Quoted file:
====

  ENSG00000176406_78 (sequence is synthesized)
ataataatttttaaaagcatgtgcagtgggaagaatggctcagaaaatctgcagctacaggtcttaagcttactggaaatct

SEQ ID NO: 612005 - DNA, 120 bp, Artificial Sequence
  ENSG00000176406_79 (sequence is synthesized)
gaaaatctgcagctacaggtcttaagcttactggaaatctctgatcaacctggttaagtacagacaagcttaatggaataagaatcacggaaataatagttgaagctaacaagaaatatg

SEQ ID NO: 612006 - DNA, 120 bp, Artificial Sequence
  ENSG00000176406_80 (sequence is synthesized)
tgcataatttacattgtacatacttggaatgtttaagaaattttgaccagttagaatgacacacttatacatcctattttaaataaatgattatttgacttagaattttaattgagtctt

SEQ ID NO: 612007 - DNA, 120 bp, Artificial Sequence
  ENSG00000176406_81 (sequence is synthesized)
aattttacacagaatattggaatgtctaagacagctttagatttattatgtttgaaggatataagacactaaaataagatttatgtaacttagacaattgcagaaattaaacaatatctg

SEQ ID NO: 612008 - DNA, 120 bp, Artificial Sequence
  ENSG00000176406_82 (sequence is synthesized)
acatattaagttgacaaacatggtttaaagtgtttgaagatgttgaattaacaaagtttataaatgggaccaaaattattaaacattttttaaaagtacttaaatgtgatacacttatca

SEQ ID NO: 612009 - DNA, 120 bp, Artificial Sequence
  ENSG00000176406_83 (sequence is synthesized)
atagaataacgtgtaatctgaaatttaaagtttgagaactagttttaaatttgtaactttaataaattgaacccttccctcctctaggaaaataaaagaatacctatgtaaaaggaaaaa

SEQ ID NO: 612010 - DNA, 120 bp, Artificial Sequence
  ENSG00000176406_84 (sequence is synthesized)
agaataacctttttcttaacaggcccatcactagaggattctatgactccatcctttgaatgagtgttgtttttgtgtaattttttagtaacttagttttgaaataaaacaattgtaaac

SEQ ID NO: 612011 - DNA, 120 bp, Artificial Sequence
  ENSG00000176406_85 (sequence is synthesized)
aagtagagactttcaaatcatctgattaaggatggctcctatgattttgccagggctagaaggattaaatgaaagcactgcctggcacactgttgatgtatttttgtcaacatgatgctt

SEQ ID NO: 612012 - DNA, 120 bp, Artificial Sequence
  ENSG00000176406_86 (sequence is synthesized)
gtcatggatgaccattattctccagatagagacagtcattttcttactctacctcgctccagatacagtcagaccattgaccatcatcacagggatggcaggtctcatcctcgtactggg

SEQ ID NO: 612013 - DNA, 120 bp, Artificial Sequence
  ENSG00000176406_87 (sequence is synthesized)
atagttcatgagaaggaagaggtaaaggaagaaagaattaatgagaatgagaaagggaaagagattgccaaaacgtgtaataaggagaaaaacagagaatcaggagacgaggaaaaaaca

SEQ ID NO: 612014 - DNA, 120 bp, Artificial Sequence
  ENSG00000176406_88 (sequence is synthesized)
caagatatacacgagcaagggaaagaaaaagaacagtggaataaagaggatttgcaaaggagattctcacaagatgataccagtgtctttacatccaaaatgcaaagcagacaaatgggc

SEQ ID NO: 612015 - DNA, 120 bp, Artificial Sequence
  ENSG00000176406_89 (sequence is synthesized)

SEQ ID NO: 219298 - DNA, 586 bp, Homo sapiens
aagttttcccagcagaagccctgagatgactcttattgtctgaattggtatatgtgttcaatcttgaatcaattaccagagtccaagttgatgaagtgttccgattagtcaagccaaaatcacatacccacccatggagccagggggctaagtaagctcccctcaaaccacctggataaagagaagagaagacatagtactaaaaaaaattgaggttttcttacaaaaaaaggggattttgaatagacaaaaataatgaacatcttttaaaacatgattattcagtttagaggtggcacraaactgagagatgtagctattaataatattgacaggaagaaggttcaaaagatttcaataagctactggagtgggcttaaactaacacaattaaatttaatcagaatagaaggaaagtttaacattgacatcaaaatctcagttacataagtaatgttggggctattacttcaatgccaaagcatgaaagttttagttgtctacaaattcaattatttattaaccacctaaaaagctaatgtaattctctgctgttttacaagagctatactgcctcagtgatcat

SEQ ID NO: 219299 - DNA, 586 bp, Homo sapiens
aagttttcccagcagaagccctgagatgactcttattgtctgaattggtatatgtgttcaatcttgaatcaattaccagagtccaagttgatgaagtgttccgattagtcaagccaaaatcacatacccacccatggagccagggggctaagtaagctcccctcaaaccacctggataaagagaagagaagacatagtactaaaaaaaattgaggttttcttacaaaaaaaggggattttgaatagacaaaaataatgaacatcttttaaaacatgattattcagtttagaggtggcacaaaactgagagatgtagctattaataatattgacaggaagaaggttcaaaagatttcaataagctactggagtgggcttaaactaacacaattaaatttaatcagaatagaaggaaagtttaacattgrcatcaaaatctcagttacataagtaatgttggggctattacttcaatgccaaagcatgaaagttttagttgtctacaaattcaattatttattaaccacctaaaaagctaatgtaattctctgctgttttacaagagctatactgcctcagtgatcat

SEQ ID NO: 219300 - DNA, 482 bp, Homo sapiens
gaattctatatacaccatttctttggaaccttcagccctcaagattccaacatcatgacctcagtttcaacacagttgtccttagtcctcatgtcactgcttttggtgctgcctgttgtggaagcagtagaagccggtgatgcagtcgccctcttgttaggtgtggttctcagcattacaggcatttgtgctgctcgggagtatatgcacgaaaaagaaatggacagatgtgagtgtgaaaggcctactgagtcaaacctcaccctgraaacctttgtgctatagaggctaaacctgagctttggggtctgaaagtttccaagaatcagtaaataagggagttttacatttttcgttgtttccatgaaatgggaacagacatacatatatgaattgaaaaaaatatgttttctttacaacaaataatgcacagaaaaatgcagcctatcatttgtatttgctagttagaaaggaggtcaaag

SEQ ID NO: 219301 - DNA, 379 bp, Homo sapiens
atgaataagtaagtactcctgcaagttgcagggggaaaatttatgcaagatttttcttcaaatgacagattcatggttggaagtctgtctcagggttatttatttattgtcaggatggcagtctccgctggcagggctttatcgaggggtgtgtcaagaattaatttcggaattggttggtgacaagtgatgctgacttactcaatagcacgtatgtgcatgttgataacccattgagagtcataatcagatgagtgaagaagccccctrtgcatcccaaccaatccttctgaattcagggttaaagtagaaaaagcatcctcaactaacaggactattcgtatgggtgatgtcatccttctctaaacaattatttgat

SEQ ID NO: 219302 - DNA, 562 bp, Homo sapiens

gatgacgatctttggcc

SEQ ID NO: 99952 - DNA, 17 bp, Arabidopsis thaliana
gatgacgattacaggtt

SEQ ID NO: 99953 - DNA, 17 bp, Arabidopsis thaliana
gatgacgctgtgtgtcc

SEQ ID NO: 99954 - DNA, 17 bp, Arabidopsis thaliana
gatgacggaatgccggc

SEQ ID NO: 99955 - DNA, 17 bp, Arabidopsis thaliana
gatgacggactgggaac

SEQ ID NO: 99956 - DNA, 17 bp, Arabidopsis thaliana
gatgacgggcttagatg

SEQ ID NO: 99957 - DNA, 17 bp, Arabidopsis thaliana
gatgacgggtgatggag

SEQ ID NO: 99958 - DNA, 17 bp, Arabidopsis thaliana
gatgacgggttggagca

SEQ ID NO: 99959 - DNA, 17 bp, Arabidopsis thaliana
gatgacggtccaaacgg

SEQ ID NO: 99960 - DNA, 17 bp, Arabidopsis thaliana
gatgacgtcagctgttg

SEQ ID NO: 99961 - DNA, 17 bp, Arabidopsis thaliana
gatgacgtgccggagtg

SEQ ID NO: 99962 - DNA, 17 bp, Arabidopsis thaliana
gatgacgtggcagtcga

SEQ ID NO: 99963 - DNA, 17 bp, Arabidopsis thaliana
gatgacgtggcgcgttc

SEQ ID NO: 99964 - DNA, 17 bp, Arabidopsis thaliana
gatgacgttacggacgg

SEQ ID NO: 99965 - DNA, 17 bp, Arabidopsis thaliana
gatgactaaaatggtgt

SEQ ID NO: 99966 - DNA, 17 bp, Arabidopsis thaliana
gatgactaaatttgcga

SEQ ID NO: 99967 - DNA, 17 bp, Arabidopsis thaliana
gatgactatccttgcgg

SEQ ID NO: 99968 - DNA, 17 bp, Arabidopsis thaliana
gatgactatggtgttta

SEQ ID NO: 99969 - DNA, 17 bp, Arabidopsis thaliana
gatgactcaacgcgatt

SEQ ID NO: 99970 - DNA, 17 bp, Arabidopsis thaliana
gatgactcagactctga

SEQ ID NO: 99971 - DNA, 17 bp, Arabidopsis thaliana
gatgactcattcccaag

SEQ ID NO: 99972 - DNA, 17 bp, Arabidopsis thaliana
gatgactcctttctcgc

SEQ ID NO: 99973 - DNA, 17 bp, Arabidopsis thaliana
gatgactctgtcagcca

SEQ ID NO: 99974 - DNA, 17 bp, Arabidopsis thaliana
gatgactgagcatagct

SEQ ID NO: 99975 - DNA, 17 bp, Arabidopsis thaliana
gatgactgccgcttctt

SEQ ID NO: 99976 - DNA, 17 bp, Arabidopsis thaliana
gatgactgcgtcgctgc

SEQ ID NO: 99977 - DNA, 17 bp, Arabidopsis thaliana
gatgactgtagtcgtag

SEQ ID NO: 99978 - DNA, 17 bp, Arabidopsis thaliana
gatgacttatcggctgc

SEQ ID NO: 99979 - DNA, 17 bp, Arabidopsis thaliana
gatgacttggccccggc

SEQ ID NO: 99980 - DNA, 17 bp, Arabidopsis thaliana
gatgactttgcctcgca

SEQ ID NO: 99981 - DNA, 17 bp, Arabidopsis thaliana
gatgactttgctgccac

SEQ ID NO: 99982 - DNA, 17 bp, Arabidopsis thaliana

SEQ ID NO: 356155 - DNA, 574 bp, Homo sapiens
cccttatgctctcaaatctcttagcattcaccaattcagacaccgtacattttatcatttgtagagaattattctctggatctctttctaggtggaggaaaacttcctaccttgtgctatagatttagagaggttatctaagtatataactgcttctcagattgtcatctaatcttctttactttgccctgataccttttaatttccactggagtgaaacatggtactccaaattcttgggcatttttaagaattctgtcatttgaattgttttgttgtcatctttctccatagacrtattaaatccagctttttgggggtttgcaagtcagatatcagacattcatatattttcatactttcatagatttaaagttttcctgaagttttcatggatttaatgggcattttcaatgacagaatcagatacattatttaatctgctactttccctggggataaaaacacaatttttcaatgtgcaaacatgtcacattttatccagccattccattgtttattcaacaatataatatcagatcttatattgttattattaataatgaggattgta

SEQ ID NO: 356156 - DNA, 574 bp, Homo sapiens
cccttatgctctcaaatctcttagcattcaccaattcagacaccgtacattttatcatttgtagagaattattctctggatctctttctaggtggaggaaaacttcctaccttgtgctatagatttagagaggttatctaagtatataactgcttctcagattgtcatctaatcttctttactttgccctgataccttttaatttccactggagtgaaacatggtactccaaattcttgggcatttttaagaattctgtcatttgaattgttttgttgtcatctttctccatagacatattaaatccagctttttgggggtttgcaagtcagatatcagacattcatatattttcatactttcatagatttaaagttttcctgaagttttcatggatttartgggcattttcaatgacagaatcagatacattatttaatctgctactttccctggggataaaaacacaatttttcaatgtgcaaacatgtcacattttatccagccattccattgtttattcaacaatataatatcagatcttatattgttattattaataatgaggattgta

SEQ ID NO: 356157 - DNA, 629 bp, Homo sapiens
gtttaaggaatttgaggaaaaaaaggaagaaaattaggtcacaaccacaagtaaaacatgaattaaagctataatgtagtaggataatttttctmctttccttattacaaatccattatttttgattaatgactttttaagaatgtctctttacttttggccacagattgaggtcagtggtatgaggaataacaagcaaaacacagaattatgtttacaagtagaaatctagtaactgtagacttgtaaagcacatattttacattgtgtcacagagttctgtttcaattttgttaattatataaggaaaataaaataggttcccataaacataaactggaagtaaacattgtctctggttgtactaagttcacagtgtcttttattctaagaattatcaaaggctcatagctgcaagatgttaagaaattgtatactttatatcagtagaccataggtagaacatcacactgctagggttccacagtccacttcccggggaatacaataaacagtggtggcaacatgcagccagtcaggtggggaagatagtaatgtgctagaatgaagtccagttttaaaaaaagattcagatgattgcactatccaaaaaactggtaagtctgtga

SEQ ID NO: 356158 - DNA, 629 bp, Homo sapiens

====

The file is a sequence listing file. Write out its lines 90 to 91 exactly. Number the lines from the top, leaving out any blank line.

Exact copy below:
gatgactgagcatagct

SEQ ID NO: 99975 - DNA, 17 bp, Arabidopsis thaliana